Many of you reading this will know about my regular grumbles with public transport. I’ve been commuting in and out of Manchester for the best part of a decade now, hopping on and off buses, trains and trams to get to various destinations, but this year, I decided to look a little bit more scientifically at how bad things are rather than let my ranting get the better of me.
From 3rd January I’ve (rather tragically!) been noting down when my buses and trains should have been departing and at what time they actually do. I just wanted to see how much time, money and effort I waste each and every day hanging around for companies who seem largely disinterested in my custom. So what did I find? Well I’ll elaborate shortly, but please note Metrolink fans, I left our erstwhile tram operator friends out of this because I still fail to figure out what, if any, sort of timetable they run to. Needless to say over the course of the past few weeks, they’ve been their usual inconsistent mess of broken down units, overcrowding and lack of information about when the next one might bother turning up. But I digress…
I tend to follow a similar routine each day, getting a bus to Stalybridge then a train into Manchester. If I drop lucky with times I can do this pretty quickly, although it currently costs me £160 a month to do so. My bus is a First Bus one (I don’t have a choice in this matter, it’s the only one that runs near me) and they’re one an hour. The trains are pretty frequent to Manchester Piccadilly and Victoria, but I need to get a tram back out of town so the First TransPennine Express Piccadilly ones tend to be preferable.
Over the course of 13 days, I have had the dubious pleasure of taking 22 trips via First Bus, 21 via First TransPennine Express, and two via Northern Rail. In this time I have spent a total of 164 minutes or two hours, 44 minutes waiting for late public transport. And this is just in a two week period. That’s about 13 minutes per day on average. By far the worst offenders were First Bus who were late by 112 mins, averaging just over five minutes per bus (in fact, every single one of those were late by at least one minute, the worst one being delayed by 18 minutes). First TransPennine were a bit of a mixed bag averaging two and a half minutes of lateness per journey but this was largely due to the morning train being late 10 out of 11 times. The evening one seems generally okay with an on time percentage of about 70%.
So, rough maths time. If I take the bus, on average, 10 times a week over a year (taking off weekends) minus eight bank holidays (-16 trips) and my 25 days holiday (-50 trips)…we’re still looking at First Bus causing me to get angry because they’re not there for at least 38 hours over the course of a year. That to me is a hell of a lot. That’s a day and a half of me shuffling about on bus stops looking angry; not a sight I’d really wish upon anyone. TransPennine only make me lose 19 hours of my life per year, but in total, that is 57 hours between the two companies. That’s a lot of missed Call Of Duty time right there.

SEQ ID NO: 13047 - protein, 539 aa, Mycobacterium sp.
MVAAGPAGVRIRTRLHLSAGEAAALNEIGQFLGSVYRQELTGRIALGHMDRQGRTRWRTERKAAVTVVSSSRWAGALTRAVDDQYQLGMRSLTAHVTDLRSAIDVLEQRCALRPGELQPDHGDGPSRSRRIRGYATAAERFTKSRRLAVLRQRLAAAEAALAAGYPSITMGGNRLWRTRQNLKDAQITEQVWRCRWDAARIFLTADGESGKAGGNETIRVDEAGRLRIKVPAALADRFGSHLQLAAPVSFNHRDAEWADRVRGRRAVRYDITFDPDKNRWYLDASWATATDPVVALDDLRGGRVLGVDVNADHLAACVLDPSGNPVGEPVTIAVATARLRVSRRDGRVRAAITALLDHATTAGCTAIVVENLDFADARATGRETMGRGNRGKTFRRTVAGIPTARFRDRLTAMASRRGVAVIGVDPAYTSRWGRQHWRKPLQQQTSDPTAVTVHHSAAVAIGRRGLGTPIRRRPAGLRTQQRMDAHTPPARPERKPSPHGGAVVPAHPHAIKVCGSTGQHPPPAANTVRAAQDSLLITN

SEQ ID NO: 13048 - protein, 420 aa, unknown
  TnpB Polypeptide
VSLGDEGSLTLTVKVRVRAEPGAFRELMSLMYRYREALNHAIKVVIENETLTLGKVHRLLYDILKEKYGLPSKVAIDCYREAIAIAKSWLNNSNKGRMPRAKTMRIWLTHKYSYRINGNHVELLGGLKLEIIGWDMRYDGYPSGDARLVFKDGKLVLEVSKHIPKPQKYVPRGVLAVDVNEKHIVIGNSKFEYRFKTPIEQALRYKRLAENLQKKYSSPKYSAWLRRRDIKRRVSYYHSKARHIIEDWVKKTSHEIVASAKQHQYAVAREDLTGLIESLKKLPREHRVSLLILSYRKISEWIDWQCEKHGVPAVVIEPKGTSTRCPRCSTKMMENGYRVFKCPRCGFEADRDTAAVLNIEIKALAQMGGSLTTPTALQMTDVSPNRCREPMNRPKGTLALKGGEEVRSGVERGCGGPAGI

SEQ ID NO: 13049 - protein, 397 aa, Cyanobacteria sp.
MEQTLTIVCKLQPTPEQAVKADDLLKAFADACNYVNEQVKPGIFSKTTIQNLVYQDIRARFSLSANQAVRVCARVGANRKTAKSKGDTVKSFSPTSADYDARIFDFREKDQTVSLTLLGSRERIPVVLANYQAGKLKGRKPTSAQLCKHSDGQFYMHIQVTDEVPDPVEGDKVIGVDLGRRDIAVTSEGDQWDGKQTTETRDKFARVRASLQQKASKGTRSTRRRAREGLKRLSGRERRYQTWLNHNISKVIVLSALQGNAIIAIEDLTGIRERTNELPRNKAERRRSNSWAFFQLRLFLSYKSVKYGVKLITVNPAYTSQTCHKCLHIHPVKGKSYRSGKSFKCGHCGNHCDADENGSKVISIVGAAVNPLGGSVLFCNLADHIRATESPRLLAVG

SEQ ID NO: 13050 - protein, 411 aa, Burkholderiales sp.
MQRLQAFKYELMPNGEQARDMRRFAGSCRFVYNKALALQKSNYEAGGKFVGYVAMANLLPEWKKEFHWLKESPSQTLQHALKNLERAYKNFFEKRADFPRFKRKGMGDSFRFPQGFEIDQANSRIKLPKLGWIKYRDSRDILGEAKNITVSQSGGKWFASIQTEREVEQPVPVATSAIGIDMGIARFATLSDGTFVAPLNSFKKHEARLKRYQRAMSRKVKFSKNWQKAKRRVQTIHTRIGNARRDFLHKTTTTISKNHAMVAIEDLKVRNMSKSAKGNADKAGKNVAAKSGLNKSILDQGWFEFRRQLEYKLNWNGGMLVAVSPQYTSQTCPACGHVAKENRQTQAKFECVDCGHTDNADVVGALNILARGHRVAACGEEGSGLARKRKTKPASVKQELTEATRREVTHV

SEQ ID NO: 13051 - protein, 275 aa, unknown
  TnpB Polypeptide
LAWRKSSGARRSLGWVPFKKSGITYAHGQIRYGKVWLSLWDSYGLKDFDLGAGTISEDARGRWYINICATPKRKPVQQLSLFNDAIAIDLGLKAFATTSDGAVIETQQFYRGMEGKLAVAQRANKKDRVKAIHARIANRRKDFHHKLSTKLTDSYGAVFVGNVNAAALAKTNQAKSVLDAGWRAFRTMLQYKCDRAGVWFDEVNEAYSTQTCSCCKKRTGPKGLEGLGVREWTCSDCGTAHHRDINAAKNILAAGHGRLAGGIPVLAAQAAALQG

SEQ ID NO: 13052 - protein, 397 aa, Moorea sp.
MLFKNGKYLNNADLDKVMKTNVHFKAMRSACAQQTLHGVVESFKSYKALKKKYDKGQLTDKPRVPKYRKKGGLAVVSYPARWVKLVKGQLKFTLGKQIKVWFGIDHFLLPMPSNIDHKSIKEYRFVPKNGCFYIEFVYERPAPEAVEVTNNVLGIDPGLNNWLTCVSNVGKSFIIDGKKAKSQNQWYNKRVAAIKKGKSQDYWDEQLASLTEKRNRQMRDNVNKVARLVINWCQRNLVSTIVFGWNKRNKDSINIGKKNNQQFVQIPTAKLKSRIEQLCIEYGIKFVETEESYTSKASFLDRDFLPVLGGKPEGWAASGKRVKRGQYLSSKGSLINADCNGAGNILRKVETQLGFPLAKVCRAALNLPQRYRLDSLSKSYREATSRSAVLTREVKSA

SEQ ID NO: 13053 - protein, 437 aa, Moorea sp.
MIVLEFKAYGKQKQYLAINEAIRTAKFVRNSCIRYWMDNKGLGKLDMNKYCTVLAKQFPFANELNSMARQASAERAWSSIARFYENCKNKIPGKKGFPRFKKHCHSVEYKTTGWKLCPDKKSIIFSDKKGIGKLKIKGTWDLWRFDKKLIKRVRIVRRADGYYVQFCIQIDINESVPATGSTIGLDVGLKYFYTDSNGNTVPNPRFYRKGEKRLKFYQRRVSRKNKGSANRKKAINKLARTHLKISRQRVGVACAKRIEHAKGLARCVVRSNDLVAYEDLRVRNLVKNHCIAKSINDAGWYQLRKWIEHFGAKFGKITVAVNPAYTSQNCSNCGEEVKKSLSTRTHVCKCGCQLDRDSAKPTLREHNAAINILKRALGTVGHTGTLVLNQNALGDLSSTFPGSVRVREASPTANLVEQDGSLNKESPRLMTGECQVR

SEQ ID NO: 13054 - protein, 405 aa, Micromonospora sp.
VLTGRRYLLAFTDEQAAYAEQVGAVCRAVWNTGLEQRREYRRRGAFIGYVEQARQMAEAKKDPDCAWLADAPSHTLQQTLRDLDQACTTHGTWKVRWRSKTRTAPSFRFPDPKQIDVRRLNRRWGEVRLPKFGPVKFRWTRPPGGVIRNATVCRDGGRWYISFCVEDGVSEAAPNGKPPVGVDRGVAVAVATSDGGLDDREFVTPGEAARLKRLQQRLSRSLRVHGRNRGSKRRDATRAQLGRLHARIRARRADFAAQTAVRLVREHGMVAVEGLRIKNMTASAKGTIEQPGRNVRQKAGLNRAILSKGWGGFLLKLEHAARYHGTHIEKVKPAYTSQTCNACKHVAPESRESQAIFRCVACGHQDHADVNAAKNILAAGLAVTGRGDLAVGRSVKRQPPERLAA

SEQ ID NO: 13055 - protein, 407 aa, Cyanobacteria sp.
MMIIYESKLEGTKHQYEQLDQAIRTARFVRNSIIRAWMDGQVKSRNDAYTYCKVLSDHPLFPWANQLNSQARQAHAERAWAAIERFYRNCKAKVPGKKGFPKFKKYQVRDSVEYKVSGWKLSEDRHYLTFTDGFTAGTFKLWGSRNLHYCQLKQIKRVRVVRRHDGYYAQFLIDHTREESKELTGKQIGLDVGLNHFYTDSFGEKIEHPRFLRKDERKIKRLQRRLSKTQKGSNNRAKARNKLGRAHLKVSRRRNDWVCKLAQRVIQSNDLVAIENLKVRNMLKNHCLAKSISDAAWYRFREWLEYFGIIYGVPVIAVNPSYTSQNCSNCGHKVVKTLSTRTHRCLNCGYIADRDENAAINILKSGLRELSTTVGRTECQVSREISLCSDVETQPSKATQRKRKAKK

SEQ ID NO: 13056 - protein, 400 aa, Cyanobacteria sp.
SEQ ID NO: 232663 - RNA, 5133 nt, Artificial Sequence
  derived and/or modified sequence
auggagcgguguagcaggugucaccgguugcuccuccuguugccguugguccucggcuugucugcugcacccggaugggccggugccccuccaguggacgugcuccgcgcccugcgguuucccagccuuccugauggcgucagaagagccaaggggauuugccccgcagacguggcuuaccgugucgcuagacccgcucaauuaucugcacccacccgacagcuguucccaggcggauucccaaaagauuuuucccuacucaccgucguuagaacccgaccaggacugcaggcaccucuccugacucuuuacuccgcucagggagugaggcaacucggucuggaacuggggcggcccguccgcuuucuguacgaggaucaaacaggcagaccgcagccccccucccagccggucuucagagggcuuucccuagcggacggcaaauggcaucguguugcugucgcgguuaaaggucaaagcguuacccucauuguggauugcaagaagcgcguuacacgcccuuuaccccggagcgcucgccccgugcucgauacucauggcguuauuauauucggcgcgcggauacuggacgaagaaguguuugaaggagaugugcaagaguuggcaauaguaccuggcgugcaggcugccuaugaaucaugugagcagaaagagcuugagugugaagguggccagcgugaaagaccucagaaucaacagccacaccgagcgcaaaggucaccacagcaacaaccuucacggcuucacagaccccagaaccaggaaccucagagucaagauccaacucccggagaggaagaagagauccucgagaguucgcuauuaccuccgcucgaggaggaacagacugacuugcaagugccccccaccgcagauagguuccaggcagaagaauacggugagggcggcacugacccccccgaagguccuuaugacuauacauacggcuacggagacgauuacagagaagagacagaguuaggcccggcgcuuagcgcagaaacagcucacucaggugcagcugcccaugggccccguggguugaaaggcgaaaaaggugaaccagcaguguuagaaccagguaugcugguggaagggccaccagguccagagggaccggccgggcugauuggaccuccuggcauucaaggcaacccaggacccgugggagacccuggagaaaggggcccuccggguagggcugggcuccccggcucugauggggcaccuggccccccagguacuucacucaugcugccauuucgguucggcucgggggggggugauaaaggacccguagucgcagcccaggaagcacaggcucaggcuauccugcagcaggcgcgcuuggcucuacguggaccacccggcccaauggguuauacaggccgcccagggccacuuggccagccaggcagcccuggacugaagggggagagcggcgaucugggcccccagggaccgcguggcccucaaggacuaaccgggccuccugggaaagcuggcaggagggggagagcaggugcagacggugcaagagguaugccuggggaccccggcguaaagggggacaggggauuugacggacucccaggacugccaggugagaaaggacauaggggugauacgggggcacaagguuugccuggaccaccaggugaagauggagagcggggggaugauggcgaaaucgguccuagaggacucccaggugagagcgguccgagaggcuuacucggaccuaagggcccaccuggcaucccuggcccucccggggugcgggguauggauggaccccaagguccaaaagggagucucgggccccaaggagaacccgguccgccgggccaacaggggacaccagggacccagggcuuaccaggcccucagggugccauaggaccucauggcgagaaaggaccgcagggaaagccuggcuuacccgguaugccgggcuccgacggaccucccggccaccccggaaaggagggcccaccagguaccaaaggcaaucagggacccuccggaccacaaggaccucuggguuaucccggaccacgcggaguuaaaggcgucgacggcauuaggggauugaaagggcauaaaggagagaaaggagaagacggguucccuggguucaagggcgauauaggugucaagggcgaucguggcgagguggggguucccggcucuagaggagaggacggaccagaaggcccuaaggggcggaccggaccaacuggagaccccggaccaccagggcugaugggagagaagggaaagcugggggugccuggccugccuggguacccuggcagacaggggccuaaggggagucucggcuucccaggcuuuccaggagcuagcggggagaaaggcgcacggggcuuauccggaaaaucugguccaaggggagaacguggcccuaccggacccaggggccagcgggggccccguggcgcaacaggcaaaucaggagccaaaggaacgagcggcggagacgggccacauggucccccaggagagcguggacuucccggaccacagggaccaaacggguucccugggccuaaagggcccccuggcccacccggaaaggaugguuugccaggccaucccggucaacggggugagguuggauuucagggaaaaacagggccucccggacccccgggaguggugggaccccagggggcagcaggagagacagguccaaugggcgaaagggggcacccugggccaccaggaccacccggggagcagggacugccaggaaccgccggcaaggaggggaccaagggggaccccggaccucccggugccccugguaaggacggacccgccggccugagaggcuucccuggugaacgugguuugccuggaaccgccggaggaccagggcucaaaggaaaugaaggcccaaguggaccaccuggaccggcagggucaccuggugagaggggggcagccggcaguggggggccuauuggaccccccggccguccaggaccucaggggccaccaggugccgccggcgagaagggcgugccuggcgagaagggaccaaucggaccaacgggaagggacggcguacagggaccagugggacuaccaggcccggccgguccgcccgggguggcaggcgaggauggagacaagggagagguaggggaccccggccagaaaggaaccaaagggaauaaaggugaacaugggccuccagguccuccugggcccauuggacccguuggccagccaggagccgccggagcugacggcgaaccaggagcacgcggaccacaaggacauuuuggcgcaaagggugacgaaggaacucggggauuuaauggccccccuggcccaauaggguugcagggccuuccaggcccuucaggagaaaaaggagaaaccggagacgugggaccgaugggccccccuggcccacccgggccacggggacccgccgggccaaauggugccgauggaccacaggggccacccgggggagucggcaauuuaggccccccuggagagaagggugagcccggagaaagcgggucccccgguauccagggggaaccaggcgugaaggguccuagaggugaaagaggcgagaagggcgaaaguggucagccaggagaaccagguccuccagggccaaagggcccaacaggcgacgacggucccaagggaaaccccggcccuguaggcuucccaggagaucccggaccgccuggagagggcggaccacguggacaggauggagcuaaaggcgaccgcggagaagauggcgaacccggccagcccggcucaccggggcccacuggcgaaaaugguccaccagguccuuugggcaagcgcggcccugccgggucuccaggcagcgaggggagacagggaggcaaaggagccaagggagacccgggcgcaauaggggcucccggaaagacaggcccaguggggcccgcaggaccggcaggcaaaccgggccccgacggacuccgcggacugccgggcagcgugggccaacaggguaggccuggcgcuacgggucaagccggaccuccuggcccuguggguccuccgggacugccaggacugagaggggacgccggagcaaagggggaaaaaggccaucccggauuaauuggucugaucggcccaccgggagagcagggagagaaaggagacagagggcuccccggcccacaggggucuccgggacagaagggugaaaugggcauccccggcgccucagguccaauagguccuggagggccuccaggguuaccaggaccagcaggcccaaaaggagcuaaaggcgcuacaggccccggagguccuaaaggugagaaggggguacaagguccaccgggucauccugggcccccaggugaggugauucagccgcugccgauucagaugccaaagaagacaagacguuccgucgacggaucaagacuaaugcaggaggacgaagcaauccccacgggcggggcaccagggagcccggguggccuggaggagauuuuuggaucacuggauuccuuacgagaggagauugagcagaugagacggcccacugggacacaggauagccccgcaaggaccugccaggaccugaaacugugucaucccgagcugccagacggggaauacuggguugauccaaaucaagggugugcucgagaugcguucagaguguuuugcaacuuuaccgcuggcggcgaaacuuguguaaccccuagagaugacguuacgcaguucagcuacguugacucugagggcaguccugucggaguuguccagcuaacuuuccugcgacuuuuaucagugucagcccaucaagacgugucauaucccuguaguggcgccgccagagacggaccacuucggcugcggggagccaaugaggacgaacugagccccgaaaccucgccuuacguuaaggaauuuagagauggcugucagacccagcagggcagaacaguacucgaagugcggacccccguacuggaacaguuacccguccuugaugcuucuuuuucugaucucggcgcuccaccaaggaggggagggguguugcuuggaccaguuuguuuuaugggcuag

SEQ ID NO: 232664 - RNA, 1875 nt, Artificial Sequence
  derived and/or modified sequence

I always give myself plenty (probably too much) time to get anywhere as I hate being late, so it’s one of the reasons why I really struggle to get on with public transport companies and their ideas of being on time. Surely, if their transport is consistently late by a certain amount of time (my morning TransPennine Express is nigh-on guaranteed to be bang on five minutes late every day; they probably blame the preceding Northern Rail), why not just change the timetable permanently? If the bus takes longer than expected in rush hour, why not stretch that timetable a little and then at least people will know what to expect? If I was that late that often for my job, well, I wouldn’t expect to still be employed.
But maybe that is the problem; that I do still employ them to take me to places. Many people ask me why I don’t just drive and there are six reasons for that: 1) It’d probably cost more. 2) Sometimes it would probably take longer. 3) I’d probably hate other drivers even more than other commuters. 4) I wouldn’t be able to have a drink. 5) I can’t tweet/play Word With Friends/arse around on my phone whilst driving. 6) I shouldn’t have to put myself out due to the failings of a crumbling public transport infrastructure.
Maybe it wouldn’t be so bad if bus and train staff had a few more manners and a sense of common decency. Often, the bus I get in the evening has a driver change over before setting off and the other night, the driver got on to do his pre-flight checks whilst smoking a roll up INSIDE HIS CAB. Hang on, don’t passengers get fined for that? Double standards. Also, there’s never an apology or reason for lateness given, just a nod when you show your ticket, maybe a “morning” if you’re lucky. Come on guys, it’s not hard to acknowledge those who are paying your wages. If you don’t like your job that much, maybe get another one?